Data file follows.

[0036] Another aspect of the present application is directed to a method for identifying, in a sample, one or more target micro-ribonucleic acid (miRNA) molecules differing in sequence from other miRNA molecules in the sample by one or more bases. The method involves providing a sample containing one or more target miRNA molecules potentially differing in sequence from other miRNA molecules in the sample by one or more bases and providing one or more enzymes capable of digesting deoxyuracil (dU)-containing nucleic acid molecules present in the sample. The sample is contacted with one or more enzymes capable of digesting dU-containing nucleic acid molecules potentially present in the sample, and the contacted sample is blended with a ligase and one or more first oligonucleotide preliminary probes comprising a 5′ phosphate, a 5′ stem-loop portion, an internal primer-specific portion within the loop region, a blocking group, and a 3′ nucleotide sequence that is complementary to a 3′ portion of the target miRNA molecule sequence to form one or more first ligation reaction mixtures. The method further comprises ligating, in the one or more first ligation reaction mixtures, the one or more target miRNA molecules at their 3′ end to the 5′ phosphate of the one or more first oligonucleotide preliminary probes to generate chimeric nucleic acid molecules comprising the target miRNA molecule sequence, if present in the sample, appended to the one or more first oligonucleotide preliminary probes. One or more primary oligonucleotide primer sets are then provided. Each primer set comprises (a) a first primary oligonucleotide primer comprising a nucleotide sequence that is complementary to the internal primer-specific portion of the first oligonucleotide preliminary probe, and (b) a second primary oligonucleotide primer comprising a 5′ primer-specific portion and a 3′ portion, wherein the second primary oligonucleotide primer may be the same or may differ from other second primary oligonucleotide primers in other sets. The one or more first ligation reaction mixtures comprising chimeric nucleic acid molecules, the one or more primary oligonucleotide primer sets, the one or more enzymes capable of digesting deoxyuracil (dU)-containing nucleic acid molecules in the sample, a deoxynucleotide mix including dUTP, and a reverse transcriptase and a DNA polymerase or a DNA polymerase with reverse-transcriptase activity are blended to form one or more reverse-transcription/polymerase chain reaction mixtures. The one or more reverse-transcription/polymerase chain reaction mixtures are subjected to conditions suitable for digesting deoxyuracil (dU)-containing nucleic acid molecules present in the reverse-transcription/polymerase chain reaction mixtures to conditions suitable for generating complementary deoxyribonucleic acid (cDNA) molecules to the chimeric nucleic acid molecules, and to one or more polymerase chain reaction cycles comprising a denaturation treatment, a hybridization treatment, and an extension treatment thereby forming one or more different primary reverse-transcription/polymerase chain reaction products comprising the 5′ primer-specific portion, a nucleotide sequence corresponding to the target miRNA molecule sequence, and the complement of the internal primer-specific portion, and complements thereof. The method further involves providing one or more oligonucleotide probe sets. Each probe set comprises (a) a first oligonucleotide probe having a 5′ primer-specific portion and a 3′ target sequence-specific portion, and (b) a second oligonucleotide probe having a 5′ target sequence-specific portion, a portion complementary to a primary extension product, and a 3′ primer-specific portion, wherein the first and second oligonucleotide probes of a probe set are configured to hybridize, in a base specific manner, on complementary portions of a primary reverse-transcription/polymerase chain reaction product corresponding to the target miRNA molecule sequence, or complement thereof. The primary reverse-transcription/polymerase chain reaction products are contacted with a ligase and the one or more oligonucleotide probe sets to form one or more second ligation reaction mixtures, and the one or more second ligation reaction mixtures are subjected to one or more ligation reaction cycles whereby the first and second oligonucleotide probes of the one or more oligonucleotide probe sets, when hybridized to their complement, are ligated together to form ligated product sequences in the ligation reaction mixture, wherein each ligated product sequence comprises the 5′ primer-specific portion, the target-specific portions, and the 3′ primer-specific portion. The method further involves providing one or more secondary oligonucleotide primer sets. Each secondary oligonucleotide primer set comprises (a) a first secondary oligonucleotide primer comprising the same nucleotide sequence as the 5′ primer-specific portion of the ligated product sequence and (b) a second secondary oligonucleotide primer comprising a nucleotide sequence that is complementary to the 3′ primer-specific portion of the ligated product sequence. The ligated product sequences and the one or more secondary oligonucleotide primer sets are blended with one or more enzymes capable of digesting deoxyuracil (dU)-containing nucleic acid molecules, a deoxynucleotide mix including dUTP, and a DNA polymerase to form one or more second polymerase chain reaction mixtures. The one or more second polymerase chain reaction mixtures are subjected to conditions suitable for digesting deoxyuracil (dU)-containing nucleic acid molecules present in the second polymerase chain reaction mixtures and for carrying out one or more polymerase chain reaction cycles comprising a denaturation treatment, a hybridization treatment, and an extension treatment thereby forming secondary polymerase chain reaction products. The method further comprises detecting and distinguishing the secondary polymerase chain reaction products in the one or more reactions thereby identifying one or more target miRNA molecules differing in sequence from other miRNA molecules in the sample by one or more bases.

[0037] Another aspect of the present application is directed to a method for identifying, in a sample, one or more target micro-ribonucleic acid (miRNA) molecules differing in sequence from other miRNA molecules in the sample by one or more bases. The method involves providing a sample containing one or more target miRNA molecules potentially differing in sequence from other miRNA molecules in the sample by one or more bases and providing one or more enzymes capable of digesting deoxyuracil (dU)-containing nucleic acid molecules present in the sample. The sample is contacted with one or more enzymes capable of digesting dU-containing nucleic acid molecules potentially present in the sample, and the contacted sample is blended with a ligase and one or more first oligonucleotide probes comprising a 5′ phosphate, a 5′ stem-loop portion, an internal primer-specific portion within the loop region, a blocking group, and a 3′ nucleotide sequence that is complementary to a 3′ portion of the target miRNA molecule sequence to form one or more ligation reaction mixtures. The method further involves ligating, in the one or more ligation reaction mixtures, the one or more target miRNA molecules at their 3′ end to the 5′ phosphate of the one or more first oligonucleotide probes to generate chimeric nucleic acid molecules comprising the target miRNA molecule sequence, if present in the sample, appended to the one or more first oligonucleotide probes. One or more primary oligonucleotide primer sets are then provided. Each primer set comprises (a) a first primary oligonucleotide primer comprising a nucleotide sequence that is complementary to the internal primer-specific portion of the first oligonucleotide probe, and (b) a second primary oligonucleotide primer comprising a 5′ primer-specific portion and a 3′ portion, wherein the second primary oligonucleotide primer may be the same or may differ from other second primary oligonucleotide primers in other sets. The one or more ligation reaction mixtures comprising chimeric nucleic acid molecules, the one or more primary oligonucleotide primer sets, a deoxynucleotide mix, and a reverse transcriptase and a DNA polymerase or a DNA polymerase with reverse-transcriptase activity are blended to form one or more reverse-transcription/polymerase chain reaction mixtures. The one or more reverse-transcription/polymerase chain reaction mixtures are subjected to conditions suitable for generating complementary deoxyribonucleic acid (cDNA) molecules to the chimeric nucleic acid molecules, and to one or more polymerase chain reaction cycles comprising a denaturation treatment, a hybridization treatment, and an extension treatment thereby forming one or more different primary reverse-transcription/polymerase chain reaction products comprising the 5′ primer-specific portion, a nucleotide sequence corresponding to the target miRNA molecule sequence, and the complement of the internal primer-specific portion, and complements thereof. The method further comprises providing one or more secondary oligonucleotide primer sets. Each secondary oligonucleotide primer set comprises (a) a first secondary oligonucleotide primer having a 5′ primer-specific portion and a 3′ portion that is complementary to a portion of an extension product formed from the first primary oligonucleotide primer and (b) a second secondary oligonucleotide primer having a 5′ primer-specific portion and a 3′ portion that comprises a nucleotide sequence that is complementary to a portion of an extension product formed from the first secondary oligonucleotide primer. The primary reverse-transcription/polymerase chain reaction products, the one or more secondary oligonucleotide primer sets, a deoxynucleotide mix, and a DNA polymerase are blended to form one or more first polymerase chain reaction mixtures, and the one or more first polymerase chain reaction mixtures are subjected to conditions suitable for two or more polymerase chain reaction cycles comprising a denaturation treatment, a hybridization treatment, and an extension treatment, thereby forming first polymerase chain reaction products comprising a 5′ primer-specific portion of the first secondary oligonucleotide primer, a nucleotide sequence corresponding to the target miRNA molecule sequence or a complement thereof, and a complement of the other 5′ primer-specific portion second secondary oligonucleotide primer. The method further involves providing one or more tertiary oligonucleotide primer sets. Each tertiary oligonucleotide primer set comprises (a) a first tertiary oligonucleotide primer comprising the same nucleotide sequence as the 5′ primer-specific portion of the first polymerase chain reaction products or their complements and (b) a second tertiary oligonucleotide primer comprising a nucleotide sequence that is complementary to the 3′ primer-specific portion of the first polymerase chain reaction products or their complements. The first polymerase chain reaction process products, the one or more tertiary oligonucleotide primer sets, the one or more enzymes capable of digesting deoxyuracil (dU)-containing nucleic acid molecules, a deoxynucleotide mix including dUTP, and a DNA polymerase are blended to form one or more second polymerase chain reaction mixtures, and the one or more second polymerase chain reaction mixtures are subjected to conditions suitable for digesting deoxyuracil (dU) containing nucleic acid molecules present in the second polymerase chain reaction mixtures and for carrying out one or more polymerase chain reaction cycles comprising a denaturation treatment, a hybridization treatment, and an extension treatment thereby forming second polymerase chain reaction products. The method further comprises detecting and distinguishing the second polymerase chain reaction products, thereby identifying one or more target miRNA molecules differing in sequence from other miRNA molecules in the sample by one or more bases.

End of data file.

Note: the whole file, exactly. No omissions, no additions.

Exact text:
[0036] Another aspect of the present application is directed to a method for identifying, in a sample, one or more target micro-ribonucleic acid (miRNA) molecules differing in sequence from other miRNA molecules in the sample by one or more bases. The method involves providing a sample containing one or more target miRNA molecules potentially differing in sequence from other miRNA molecules in the sample by one or more bases and providing one or more enzymes capable of digesting deoxyuracil (dU)-containing nucleic acid molecules present in the sample. The sample is contacted with one or more enzymes capable of digesting dU-containing nucleic acid molecules potentially present in the sample, and the contacted sample is blended with a ligase and one or more first oligonucleotide preliminary probes comprising a 5′ phosphate, a 5′ stem-loop portion, an internal primer-specific portion within the loop region, a blocking group, and a 3′ nucleotide sequence that is complementary to a 3′ portion of the target miRNA molecule sequence to form one or more first ligation reaction mixtures. The method further comprises ligating, in the one or more first ligation reaction mixtures, the one or more target miRNA molecules at their 3′ end to the 5′ phosphate of the one or more first oligonucleotide preliminary probes to generate chimeric nucleic acid molecules comprising the target miRNA molecule sequence, if present in the sample, appended to the one or more first oligonucleotide preliminary probes. One or more primary oligonucleotide primer sets are then provided. Each primer set comprises (a) a first primary oligonucleotide primer comprising a nucleotide sequence that is complementary to the internal primer-specific portion of the first oligonucleotide preliminary probe, and (b) a second primary oligonucleotide primer comprising a 5′ primer-specific portion and a 3′ portion, wherein the second primary oligonucleotide primer may be the same or may differ from other second primary oligonucleotide primers in other sets. The one or more first ligation reaction mixtures comprising chimeric nucleic acid molecules, the one or more primary oligonucleotide primer sets, the one or more enzymes capable of digesting deoxyuracil (dU)-containing nucleic acid molecules in the sample, a deoxynucleotide mix including dUTP, and a reverse transcriptase and a DNA polymerase or a DNA polymerase with reverse-transcriptase activity are blended to form one or more reverse-transcription/polymerase chain reaction mixtures. The one or more reverse-transcription/polymerase chain reaction mixtures are subjected to conditions suitable for digesting deoxyuracil (dU)-containing nucleic acid molecules present in the reverse-transcription/polymerase chain reaction mixtures to conditions suitable for generating complementary deoxyribonucleic acid (cDNA) molecules to the chimeric nucleic acid molecules, and to one or more polymerase chain reaction cycles comprising a denaturation treatment, a hybridization treatment, and an extension treatment thereby forming one or more different primary reverse-transcription/polymerase chain reaction products comprising the 5′ primer-specific portion, a nucleotide sequence corresponding to the target miRNA molecule sequence, and the complement of the internal primer-specific portion, and complements thereof. The method further involves providing one or more oligonucleotide probe sets. Each probe set comprises (a) a first oligonucleotide probe having a 5′ primer-specific portion and a 3′ target sequence-specific portion, and (b) a second oligonucleotide probe having a 5′ target sequence-specific portion, a portion complementary to a primary extension product, and a 3′ primer-specific portion, wherein the first and second oligonucleotide probes of a probe set are configured to hybridize, in a base specific manner, on complementary portions of a primary reverse-transcription/polymerase chain reaction product corresponding to the target miRNA molecule sequence, or complement thereof. The primary reverse-transcription/polymerase chain reaction products are contacted with a ligase and the one or more oligonucleotide probe sets to form one or more second ligation reaction mixtures, and the one or more second ligation reaction mixtures are subjected to one or more ligation reaction cycles whereby the first and second oligonucleotide probes of the one or more oligonucleotide probe sets, when hybridized to their complement, are ligated together to form ligated product sequences in the ligation reaction mixture, wherein each ligated product sequence comprises the 5′ primer-specific portion, the target-specific portions, and the 3′ primer-specific portion. The method further involves providing one or more secondary oligonucleotide primer sets. Each secondary oligonucleotide primer set comprises (a) a first secondary oligonucleotide primer comprising the same nucleotide sequence as the 5′ primer-specific portion of the ligated product sequence and (b) a second secondary oligonucleotide primer comprising a nucleotide sequence that is complementary to the 3′ primer-specific portion of the ligated product sequence. The ligated product sequences and the one or more secondary oligonucleotide primer sets are blended with one or more enzymes capable of digesting deoxyuracil (dU)-containing nucleic acid molecules, a deoxynucleotide mix including dUTP, and a DNA polymerase to form one or more second polymerase chain reaction mixtures. The one or more second polymerase chain reaction mixtures are subjected to conditions suitable for digesting deoxyuracil (dU)-containing nucleic acid molecules present in the second polymerase chain reaction mixtures and for carrying out one or more polymerase chain reaction cycles comprising a denaturation treatment, a hybridization treatment, and an extension treatment thereby forming secondary polymerase chain reaction products. The method further comprises detecting and distinguishing the secondary polymerase chain reaction products in the one or more reactions thereby identifying one or more target miRNA molecules differing in sequence from other miRNA molecules in the sample by one or more bases.

[0037] Another aspect of the present application is directed to a method for identifying, in a sample, one or more target micro-ribonucleic acid (miRNA) molecules differing in sequence from other miRNA molecules in the sample by one or more bases. The method involves providing a sample containing one or more target miRNA molecules potentially differing in sequence from other miRNA molecules in the sample by one or more bases and providing one or more enzymes capable of digesting deoxyuracil (dU)-containing nucleic acid molecules present in the sample. The sample is contacted with one or more enzymes capable of digesting dU-containing nucleic acid molecules potentially present in the sample, and the contacted sample is blended with a ligase and one or more first oligonucleotide probes comprising a 5′ phosphate, a 5′ stem-loop portion, an internal primer-specific portion within the loop region, a blocking group, and a 3′ nucleotide sequence that is complementary to a 3′ portion of the target miRNA molecule sequence to form one or more ligation reaction mixtures. The method further involves ligating, in the one or more ligation reaction mixtures, the one or more target miRNA molecules at their 3′ end to the 5′ phosphate of the one or more first oligonucleotide probes to generate chimeric nucleic acid molecules comprising the target miRNA molecule sequence, if present in the sample, appended to the one or more first oligonucleotide probes. One or more primary oligonucleotide primer sets are then provided. Each primer set comprises (a) a first primary oligonucleotide primer comprising a nucleotide sequence that is complementary to the internal primer-specific portion of the first oligonucleotide probe, and (b) a second primary oligonucleotide primer comprising a 5′ primer-specific portion and a 3′ portion, wherein the second primary oligonucleotide primer may be the same or may differ from other second primary oligonucleotide primers in other sets. The one or more ligation reaction mixtures comprising chimeric nucleic acid molecules, the one or more primary oligonucleotide primer sets, a deoxynucleotide mix, and a reverse transcriptase and a DNA polymerase or a DNA polymerase with reverse-transcriptase activity are blended to form one or more reverse-transcription/polymerase chain reaction mixtures. The one or more reverse-transcription/polymerase chain reaction mixtures are subjected to conditions suitable for generating complementary deoxyribonucleic acid (cDNA) molecules to the chimeric nucleic acid molecules, and to one or more polymerase chain reaction cycles comprising a denaturation treatment, a hybridization treatment, and an extension treatment thereby forming one or more different primary reverse-transcription/polymerase chain reaction products comprising the 5′ primer-specific portion, a nucleotide sequence corresponding to the target miRNA molecule sequence, and the complement of the internal primer-specific portion, and complements thereof. The method further comprises providing one or more secondary oligonucleotide primer sets. Each secondary oligonucleotide primer set comprises (a) a first secondary oligonucleotide primer having a 5′ primer-specific portion and a 3′ portion that is complementary to a portion of an extension product formed from the first primary oligonucleotide primer and (b) a second secondary oligonucleotide primer having a 5′ primer-specific portion and a 3′ portion that comprises a nucleotide sequence that is complementary to a portion of an extension product formed from the first secondary oligonucleotide primer. The primary reverse-transcription/polymerase chain reaction products, the one or more secondary oligonucleotide primer sets, a deoxynucleotide mix, and a DNA polymerase are blended to form one or more first polymerase chain reaction mixtures, and the one or more first polymerase chain reaction mixtures are subjected to conditions suitable for two or more polymerase chain reaction cycles comprising a denaturation treatment, a hybridization treatment, and an extension treatment, thereby forming first polymerase chain reaction products comprising a 5′ primer-specific portion of the first secondary oligonucleotide primer, a nucleotide sequence corresponding to the target miRNA molecule sequence or a complement thereof, and a complement of the other 5′ primer-specific portion second secondary oligonucleotide primer. The method further involves providing one or more tertiary oligonucleotide primer sets. Each tertiary oligonucleotide primer set comprises (a) a first tertiary oligonucleotide primer comprising the same nucleotide sequence as the 5′ primer-specific portion of the first polymerase chain reaction products or their complements and (b) a second tertiary oligonucleotide primer comprising a nucleotide sequence that is complementary to the 3′ primer-specific portion of the first polymerase chain reaction products or their complements. The first polymerase chain reaction process products, the one or more tertiary oligonucleotide primer sets, the one or more enzymes capable of digesting deoxyuracil (dU)-containing nucleic acid molecules, a deoxynucleotide mix including dUTP, and a DNA polymerase are blended to form one or more second polymerase chain reaction mixtures, and the one or more second polymerase chain reaction mixtures are subjected to conditions suitable for digesting deoxyuracil (dU) containing nucleic acid molecules present in the second polymerase chain reaction mixtures and for carrying out one or more polymerase chain reaction cycles comprising a denaturation treatment, a hybridization treatment, and an extension treatment thereby forming second polymerase chain reaction products. The method further comprises detecting and distinguishing the second polymerase chain reaction products, thereby identifying one or more target miRNA molecules differing in sequence from other miRNA molecules in the sample by one or more bases.